The chart is not a predictor of the future. It is not a crystal ball. It is just a map of human psychology and I can assure you that most humans do fairly stupid things over and over.

I will then try and use this knowledge of the irrational behaviour of the herd to find good risk/reward entry points into the market. Places where I can be proven wrong very quickly.

If I know I am wrong after losing only a very small percentage of my capital, and I have a high confidence that I will reach my initial target more often than not, then I have a recipe for trading the market that involves the least amount of psychological pressure.

After all it’s the way we behave under pressure that will decide if we make money or not.

By ensuring you have a distinct set of rules to manage your behaviour in the sea of grey that is the markets you are on your way to being in control rather than letting the markets control you.

I am sure there are a million different ways to make money in the markets than the way that I have found, but I also know there are far more ways to lose money!

With 90% of people ‘doing their dough’ in the markets it is quite clear that if you have found a way to beat the market consistently then you are seeing something that others aren’t.

Anyway, you’ll read more about my approach to trading the markets later this afternoon, in a special note from Dan. It’s created quite a stir so far, as you’ll see from the comments in Dan’s essay above – but we’ve had way more positive feedback than negative, so far!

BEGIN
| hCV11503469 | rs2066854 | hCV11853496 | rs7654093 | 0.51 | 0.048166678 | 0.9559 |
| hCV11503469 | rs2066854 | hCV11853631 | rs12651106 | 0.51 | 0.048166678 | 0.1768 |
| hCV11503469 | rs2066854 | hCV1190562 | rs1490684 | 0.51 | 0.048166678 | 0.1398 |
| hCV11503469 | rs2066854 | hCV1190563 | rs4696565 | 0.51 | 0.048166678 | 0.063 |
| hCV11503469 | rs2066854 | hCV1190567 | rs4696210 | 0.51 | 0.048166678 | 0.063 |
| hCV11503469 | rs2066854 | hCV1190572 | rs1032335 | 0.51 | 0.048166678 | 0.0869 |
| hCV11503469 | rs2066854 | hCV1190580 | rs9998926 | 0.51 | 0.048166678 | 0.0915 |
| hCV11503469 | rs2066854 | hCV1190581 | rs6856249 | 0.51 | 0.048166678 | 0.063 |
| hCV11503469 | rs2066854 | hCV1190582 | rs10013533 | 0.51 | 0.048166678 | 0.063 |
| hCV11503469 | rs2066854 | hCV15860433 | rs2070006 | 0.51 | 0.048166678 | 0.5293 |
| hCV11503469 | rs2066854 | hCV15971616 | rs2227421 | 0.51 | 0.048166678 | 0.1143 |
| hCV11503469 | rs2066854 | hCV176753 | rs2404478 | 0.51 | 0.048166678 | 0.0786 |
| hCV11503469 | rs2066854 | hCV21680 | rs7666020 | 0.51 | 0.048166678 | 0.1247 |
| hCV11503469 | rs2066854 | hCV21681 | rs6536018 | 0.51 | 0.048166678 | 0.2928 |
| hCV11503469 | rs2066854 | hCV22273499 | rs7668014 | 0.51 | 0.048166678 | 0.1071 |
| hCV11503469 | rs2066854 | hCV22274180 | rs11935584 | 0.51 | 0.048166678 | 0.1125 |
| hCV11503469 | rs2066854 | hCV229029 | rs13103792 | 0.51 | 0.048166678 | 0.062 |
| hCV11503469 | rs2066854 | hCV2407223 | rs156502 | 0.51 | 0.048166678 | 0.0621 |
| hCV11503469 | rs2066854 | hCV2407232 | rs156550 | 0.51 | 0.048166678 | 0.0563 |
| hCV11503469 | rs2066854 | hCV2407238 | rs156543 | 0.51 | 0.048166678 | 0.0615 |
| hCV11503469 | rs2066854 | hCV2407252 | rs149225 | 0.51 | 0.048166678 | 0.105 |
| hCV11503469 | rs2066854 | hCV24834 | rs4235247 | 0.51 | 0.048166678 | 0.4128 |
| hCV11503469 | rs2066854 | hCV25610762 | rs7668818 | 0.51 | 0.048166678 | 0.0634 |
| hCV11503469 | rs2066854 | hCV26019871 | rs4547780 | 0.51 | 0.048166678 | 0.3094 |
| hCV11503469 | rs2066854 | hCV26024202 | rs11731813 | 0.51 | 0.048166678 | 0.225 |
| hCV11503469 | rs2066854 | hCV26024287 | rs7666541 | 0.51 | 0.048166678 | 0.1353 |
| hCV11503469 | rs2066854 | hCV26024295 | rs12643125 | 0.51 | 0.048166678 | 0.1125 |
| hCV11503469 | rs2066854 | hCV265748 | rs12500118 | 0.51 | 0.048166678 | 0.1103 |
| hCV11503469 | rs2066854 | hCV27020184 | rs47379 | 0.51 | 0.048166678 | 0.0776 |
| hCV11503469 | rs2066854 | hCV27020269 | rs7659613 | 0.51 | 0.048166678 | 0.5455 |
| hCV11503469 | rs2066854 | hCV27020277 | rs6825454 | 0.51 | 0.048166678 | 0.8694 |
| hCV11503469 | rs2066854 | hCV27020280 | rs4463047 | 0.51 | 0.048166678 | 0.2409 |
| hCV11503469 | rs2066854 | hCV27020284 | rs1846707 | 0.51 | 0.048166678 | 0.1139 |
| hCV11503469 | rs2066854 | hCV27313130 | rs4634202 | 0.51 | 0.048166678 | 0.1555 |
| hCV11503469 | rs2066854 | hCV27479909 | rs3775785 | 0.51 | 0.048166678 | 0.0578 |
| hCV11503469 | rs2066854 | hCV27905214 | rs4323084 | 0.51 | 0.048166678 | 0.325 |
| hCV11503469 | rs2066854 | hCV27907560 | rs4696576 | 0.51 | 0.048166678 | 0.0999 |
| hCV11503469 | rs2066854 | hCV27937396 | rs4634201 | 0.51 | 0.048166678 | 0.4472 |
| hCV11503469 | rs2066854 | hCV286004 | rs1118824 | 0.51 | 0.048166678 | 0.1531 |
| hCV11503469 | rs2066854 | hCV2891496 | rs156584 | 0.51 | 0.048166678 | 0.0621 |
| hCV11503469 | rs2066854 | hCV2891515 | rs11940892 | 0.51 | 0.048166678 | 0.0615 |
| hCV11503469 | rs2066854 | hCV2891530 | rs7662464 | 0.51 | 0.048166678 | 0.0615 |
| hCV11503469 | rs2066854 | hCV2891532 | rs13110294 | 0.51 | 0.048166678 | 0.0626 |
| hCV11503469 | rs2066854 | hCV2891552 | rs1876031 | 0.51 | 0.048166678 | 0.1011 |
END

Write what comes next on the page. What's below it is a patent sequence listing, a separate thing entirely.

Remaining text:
I hope you have a good read and decide – if it’s something you’re interested in – to give my approach a trial run. That’s what it’s all about at the end of the day.

If it’s not for you – fine.

You may have gathered that I’m not the most comfortable talking my own book. That’s why, after much to-ing and fro-ing over the past few months, I’ve left it to Dan to explain to you what my trading service can help you achieve.

Be sure to look out for his note this afternoon…

Murray Dawes
for Markets and Money

Murray Dawes
Murray began his career on the Sydney Futures Exchange trading floor in 1993 with Swiss Banking Corporation (SBC). He spent a couple of years in the 3 and 10 year bond and option pits before moving on to the Share Price Index (SPI) futures and options pit. From there he became a broker with SBC specialising in SPI futures and options to institutional clients. After leaving SBC Murray continued his career in broking at Bankers Trust Australia. Then in 2001 Murray moved to Melbourne to work as a hedge fund trader for one of Australia’s wealthiest families. In 2003 he was ready to set up his own firm providing the same proprietary technical trading system to some of Australia’s boutique hedge funds. The success of Murray’s system led to him trading a $10 million account for a high net worth individual. This involved trading Australian and US futures and Australian stocks. Now Murray heads up the technical analysis desk for us passing on to readers some of his experience from 16 years of trading.
Murray Dawes